When lockdown started, Tim Diacon assumed the worst. His start-up, Plykea, has a six week lead time in between consultations with customers and manufacturing plywood fronts to Ikea cabinets in their light manufacturing unit in the Fairways Business Park in Leytonstone, east London. Diacon looked at the books and tried to work out what would happen if he had no business, but had to continue paying rent for three months.
In the end it wasn’t that bad: Plykea used the government furlough scheme, and in May business started coming back. June looks like it will be busy. Diacon was able to keep paying his rent. So he was surprised to receive a County Court judgement, a court order telling him to pay money owed to a debt, from his landlord, Capital Industrial, in June, with the addition of court fees and a further 20 per cent.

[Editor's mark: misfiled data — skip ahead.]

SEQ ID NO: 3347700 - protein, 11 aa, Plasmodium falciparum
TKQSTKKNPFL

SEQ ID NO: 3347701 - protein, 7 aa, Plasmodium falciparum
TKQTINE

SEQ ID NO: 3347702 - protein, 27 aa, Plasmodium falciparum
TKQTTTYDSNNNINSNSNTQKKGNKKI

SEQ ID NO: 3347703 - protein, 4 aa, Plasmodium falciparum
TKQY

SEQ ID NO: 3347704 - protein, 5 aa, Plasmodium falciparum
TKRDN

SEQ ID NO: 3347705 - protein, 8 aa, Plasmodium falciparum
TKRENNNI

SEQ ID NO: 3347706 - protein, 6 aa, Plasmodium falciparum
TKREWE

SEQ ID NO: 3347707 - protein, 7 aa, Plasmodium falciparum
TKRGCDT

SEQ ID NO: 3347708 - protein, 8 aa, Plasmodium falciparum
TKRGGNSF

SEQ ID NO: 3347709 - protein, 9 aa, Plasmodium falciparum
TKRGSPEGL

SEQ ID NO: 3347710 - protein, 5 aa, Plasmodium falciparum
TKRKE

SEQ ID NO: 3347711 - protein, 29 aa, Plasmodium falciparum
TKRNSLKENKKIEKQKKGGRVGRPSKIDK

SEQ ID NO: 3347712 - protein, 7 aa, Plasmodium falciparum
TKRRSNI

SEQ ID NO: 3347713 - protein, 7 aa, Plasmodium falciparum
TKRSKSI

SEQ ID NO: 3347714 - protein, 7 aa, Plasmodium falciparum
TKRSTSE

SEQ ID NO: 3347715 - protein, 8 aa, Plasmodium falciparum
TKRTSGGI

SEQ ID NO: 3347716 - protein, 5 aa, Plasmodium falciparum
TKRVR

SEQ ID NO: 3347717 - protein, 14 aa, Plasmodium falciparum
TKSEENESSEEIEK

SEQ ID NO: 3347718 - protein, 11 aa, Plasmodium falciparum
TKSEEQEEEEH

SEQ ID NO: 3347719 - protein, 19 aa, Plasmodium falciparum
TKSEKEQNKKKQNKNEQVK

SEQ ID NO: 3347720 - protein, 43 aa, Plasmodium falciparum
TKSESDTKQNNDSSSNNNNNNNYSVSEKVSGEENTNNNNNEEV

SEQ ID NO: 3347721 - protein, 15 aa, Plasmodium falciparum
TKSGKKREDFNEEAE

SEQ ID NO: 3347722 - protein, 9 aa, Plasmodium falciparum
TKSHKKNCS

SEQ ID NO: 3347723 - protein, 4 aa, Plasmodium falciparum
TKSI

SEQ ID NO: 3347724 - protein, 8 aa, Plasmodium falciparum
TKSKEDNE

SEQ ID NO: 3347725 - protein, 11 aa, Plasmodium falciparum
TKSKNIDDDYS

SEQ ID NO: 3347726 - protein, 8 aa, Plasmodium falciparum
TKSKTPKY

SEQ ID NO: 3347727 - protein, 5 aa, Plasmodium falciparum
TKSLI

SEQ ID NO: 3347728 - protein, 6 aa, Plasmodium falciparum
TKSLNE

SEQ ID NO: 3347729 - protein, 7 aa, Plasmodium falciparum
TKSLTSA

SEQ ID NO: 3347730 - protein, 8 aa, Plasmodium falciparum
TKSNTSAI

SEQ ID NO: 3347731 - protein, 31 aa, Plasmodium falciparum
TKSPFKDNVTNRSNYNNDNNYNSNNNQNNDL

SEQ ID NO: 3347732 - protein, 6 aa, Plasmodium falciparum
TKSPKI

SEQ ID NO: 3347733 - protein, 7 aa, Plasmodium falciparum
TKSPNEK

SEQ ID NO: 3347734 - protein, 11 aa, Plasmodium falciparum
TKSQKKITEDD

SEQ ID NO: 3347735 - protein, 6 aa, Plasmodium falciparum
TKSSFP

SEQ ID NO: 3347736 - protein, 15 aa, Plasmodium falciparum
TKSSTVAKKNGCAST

When Diacon asked around, he discovered that other tenants of Capital Industrial had received similar judgements and uneven offers of rent deferrals – despite a government ban on the use of statutory demands and landlord evictions from commercial property that holds until the end of June. At the time he received the letter, Diacon says his June rent was 15 days overdue, because Plykea had cancelled its direct debit in order to try and manage its cash flow.